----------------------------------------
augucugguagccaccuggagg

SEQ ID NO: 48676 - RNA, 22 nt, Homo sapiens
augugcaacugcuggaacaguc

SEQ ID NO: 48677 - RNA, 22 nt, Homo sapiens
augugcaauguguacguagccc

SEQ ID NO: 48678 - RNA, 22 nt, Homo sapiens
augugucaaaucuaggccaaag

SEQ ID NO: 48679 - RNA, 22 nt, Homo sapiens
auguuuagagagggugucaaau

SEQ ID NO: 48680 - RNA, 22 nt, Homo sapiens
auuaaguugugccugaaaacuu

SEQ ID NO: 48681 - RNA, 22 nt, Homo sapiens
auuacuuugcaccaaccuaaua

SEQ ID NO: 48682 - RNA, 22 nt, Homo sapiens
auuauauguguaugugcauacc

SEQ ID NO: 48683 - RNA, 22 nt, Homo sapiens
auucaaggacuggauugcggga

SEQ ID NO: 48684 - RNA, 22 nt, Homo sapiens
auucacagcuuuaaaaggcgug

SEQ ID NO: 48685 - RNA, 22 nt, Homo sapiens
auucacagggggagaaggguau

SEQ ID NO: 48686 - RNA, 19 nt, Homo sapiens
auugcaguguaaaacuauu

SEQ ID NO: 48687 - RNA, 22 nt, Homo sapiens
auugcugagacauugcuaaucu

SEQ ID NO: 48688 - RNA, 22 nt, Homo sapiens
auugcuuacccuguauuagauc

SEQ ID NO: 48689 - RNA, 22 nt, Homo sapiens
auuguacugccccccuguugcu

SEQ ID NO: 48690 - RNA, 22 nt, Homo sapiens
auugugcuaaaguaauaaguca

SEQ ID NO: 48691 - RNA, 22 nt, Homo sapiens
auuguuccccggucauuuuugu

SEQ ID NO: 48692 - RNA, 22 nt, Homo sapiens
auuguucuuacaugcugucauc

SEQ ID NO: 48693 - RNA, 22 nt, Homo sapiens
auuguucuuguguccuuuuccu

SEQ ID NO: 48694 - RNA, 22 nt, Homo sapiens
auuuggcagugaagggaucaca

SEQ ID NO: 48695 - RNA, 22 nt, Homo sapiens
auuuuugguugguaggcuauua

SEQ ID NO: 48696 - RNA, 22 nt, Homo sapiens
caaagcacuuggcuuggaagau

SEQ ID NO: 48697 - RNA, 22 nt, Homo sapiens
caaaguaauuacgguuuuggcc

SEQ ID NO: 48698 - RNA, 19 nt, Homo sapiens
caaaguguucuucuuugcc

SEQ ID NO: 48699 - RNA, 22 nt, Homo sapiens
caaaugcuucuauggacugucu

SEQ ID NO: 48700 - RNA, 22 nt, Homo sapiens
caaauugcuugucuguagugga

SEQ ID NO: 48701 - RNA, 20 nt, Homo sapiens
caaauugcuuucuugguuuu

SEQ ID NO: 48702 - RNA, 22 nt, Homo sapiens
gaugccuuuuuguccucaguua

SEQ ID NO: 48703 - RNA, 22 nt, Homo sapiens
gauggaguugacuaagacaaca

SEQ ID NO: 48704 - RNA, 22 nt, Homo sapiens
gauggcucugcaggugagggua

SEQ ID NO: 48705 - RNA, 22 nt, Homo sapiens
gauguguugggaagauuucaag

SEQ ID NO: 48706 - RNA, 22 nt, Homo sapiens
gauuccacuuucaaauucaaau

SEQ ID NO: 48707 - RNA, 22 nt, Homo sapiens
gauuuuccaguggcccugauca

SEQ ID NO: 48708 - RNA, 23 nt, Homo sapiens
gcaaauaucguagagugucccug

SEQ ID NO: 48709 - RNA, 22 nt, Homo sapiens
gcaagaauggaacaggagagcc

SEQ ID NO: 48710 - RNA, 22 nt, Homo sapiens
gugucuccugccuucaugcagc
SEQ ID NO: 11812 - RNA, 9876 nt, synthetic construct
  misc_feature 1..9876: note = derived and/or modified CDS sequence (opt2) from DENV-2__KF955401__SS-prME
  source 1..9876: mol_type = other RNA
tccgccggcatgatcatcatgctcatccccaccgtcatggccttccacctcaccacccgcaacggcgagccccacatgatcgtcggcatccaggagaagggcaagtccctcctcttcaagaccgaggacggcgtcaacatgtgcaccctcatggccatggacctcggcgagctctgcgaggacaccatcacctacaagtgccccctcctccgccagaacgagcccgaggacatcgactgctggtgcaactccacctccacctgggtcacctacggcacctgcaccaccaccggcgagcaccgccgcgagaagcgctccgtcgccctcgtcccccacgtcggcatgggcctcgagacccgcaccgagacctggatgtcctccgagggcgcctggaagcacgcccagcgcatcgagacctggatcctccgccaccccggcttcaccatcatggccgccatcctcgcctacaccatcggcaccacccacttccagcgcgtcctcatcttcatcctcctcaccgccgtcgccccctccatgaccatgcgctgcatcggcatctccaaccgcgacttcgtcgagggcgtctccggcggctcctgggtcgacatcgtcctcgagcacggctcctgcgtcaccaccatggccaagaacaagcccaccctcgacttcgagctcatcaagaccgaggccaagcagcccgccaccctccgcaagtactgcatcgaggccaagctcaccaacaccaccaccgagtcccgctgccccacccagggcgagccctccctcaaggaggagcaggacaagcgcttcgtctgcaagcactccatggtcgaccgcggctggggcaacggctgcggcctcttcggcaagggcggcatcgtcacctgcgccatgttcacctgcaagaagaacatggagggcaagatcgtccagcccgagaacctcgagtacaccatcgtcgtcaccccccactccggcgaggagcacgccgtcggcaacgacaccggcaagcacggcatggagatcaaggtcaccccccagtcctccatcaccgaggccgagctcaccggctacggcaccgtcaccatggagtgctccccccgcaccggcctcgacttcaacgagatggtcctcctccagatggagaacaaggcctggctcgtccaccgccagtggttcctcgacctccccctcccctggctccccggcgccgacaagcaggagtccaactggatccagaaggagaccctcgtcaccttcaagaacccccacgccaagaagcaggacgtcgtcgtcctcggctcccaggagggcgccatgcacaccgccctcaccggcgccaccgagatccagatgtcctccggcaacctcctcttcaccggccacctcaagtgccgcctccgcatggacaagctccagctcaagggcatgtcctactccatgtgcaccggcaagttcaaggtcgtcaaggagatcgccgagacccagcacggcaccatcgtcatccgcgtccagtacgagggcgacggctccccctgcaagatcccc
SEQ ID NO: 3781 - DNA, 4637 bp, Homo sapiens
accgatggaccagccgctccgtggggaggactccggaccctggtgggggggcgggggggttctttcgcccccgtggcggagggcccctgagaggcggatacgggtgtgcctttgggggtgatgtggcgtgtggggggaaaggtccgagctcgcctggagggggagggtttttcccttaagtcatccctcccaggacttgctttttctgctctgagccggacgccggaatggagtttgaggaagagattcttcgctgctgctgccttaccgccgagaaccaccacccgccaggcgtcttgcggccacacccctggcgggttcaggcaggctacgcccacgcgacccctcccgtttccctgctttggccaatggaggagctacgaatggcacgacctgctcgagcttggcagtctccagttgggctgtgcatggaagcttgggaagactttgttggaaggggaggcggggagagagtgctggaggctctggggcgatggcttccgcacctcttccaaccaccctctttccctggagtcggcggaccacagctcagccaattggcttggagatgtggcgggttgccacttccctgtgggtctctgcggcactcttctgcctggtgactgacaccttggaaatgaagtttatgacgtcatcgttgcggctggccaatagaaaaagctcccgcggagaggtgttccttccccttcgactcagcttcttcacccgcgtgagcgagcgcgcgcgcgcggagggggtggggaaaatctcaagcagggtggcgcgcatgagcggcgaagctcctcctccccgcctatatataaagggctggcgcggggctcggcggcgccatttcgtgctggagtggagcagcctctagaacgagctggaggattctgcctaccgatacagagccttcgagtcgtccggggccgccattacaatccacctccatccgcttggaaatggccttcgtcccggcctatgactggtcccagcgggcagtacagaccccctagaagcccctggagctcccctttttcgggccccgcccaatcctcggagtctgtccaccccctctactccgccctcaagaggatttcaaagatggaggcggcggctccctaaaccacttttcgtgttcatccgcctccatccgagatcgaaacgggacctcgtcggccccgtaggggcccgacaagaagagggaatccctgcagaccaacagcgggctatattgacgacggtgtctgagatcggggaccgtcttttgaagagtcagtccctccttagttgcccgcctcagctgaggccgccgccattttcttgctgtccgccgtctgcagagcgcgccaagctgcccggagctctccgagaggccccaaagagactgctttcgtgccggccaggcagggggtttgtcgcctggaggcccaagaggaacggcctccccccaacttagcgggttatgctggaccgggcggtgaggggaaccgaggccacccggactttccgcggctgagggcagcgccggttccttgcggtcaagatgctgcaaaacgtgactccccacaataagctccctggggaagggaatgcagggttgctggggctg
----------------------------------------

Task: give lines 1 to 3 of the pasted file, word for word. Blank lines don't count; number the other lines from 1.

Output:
augucugguagccaccuggagg

SEQ ID NO: 48676 - RNA, 22 nt, Homo sapiens
augugcaacugcuggaacaguc